Men experience catcalling from other side in art exhibit opening for Stampede

A new art exhibit opening Friday in Calgary is designed to give men an idea of what it's like to be catcalled.

Exhibit visitors enter a dimly lit trailer while an audio track plays harassing, sexual comments

Runs until July 16 on Stephen Avenue 0:38

A new art exhibit opening Friday in Calgary is designed to give men an idea of what it's like to be catcalled.

Organizers planned it to open in time for Stampede.

The exhibit, called This Is What It Feels Like, invites participants to enter a dimly lit trailer while an audio track plays.

A total of 117 women in Calgary were surveyed for the exhibit about their experiences with street harassment.

Talia Murchie, 25, offered her own experiences.

"Just the general, 'nice legs,' or 'how ya doing, sweetie,' to really derogatory, like, being followed home," she said. "It just makes you feel awful. Men say it's a compliment. It's not a compliment. It made me feel terrible."

Talia Murchie, 25, was one of 117 women who offered their own experiences to help creators of This Is What It Feels Like, an art exhibit about catcalling. (Mike Symington/CBC)

Muchie said she hopes the installation will "spark conversations" around the issue of harassment.

"By offering things like this, an art installation where people can walk in, they can experience things that have been said first-hand, it almost gives them a way to step inside someone else's shoes and experience it," she said. "Things like this are what's going to create change. It's going to be slow but it has to happen."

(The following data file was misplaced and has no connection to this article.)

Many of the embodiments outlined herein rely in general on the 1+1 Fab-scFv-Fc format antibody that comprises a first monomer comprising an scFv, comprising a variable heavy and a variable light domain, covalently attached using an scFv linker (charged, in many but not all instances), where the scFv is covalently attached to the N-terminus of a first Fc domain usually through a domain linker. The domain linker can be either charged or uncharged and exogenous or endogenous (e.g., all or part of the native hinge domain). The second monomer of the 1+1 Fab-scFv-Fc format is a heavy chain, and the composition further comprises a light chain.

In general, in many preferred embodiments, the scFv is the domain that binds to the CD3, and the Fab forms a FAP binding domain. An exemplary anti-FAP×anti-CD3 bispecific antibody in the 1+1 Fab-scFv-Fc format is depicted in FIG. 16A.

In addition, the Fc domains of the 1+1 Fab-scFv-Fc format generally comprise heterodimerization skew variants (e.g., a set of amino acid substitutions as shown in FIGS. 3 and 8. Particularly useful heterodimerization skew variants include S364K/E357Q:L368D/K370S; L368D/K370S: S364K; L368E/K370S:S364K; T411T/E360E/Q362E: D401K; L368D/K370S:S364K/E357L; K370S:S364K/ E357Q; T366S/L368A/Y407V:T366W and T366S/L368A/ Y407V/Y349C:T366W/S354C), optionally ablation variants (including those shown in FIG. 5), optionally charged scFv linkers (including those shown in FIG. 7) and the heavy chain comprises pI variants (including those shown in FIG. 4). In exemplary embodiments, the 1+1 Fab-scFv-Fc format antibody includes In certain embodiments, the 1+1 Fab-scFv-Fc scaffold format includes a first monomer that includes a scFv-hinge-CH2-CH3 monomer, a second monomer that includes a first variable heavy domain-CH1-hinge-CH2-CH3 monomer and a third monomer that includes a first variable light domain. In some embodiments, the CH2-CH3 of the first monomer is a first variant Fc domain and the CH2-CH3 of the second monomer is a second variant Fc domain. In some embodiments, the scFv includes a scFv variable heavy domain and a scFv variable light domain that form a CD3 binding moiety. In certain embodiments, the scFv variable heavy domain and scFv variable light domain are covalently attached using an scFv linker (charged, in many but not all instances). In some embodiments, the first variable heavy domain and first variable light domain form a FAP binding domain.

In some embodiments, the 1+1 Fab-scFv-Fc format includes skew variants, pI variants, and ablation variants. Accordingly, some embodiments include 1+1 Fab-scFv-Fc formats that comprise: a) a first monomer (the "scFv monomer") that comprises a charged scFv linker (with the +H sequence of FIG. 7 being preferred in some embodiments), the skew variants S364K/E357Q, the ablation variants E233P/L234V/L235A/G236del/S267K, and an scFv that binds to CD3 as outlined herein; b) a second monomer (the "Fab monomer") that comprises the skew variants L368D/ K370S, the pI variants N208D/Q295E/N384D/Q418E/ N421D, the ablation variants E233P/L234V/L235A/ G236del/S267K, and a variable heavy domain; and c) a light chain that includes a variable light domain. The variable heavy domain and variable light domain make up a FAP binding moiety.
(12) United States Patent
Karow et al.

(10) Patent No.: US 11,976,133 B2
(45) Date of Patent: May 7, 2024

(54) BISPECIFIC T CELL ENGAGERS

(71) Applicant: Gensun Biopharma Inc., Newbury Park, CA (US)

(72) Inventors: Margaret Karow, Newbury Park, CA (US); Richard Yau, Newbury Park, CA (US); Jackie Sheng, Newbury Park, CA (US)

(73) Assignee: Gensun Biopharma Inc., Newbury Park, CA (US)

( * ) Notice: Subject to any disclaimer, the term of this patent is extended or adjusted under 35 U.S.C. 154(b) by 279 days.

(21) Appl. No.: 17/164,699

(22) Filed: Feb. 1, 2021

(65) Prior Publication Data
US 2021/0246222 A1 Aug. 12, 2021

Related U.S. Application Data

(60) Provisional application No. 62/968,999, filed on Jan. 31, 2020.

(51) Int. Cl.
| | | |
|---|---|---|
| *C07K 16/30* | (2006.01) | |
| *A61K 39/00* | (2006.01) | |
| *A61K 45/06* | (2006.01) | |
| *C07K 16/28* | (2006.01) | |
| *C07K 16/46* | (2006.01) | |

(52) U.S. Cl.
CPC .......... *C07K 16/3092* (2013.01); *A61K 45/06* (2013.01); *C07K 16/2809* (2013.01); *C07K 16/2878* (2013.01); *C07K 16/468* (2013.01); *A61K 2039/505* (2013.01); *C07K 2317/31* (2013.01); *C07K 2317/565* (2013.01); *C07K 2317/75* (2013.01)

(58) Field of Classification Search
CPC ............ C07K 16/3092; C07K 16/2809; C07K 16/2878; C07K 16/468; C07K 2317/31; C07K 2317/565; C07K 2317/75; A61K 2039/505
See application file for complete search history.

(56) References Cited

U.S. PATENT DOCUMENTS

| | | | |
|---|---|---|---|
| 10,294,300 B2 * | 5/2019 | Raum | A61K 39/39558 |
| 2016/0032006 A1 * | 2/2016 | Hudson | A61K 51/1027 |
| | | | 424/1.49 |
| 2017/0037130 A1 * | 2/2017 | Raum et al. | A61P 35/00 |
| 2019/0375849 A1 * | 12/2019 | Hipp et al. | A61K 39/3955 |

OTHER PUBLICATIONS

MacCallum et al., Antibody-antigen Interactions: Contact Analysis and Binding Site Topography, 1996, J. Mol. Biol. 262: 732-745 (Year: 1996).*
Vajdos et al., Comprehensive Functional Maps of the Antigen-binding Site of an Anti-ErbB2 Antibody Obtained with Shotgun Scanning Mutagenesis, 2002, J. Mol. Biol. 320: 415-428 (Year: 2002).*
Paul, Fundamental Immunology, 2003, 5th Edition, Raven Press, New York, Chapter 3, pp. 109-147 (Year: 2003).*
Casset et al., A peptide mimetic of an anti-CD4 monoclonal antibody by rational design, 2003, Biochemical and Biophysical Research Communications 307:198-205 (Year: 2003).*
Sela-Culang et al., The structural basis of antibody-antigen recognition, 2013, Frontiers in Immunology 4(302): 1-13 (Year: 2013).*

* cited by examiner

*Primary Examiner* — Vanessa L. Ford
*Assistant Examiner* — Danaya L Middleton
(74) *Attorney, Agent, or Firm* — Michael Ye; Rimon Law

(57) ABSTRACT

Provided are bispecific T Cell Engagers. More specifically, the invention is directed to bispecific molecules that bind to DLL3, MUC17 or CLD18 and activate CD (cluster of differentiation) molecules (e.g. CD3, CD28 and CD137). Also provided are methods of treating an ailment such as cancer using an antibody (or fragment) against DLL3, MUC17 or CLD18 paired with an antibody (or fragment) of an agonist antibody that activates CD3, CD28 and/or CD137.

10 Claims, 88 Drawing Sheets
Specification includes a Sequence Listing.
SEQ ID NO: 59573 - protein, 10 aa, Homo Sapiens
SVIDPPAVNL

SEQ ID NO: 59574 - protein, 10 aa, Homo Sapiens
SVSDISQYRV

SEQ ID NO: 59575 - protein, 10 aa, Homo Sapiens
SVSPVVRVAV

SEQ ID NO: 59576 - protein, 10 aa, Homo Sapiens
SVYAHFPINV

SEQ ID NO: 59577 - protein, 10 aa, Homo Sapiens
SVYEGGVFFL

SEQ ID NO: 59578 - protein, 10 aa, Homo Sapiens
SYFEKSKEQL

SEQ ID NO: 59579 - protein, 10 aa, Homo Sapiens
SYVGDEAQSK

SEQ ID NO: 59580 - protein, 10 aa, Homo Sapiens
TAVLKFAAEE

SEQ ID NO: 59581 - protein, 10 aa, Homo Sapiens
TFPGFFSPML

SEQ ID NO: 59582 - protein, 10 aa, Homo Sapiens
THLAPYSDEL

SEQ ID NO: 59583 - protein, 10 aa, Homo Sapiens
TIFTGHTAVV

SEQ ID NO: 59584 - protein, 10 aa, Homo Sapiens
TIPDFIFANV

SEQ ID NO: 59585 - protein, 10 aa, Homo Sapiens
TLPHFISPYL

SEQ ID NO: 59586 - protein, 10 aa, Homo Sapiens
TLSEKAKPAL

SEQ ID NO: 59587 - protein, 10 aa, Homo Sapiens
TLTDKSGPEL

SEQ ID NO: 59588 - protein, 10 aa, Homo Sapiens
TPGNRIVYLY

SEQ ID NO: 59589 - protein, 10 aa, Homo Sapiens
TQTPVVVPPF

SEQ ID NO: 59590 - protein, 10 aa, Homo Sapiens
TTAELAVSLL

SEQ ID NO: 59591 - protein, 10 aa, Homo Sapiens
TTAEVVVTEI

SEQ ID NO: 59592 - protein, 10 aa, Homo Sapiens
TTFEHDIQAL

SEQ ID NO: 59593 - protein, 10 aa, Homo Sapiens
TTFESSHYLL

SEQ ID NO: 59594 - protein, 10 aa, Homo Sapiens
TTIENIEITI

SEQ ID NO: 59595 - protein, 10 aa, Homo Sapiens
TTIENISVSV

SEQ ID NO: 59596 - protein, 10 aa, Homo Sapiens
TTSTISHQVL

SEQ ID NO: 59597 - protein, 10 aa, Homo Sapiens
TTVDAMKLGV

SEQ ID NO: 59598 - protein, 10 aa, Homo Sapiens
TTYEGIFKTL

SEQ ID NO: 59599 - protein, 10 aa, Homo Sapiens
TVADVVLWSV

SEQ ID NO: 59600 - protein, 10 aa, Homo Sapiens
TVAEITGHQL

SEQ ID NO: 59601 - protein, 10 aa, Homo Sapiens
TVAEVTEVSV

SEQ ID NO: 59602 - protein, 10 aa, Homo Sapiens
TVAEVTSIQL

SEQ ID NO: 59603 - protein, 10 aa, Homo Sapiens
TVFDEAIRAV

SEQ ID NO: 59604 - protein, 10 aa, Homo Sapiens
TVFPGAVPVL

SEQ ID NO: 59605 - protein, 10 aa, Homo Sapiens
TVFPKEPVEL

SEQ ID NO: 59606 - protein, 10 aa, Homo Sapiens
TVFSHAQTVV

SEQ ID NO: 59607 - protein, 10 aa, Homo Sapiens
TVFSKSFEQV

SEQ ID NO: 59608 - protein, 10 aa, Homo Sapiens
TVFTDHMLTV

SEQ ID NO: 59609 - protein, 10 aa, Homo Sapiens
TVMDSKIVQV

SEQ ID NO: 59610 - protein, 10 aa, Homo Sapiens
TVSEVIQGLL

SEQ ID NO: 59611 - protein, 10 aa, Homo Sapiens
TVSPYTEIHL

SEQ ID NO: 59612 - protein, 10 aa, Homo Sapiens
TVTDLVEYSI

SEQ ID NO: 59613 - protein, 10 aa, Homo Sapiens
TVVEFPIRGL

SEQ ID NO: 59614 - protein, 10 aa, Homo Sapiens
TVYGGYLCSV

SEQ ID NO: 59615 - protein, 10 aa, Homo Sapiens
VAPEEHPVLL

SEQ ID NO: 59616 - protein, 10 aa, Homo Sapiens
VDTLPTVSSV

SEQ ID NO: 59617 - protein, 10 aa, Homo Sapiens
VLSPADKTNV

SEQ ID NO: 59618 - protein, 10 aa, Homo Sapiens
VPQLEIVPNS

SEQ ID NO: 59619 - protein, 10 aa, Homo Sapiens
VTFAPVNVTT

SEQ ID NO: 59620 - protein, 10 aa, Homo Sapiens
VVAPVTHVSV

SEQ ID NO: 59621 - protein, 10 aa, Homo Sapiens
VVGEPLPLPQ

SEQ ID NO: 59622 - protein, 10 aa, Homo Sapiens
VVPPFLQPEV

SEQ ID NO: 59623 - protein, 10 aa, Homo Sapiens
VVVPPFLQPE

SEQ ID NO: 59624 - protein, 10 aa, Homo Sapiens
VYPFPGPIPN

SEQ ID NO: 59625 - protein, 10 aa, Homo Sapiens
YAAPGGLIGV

The art installation is being hosted by the local non-profit, Next Gen Men.

Organizer Jake Stika says Stampede can be a hyper-sexualized time in the city.

An art installation titled This Is What It Feels Like allows men to experience being catcalled. (Mike Symington/CBC)

"We can elicit empathy and spark a conversation," he said. "And, I think a lot men will say, 'Oh, I've never catcalled,' but if they've sat idly by as their friends have done so, they're just as culpable," he said.

Taylor McMullen, 30, says his experience in the exhibit was humbling.

"To know that people, women, specifically, have to deal with that on a daily basis, doesn't make me feel very good," he said.

The art installation on Stephen Avenue runs until July 16.

With files from Allison Dempster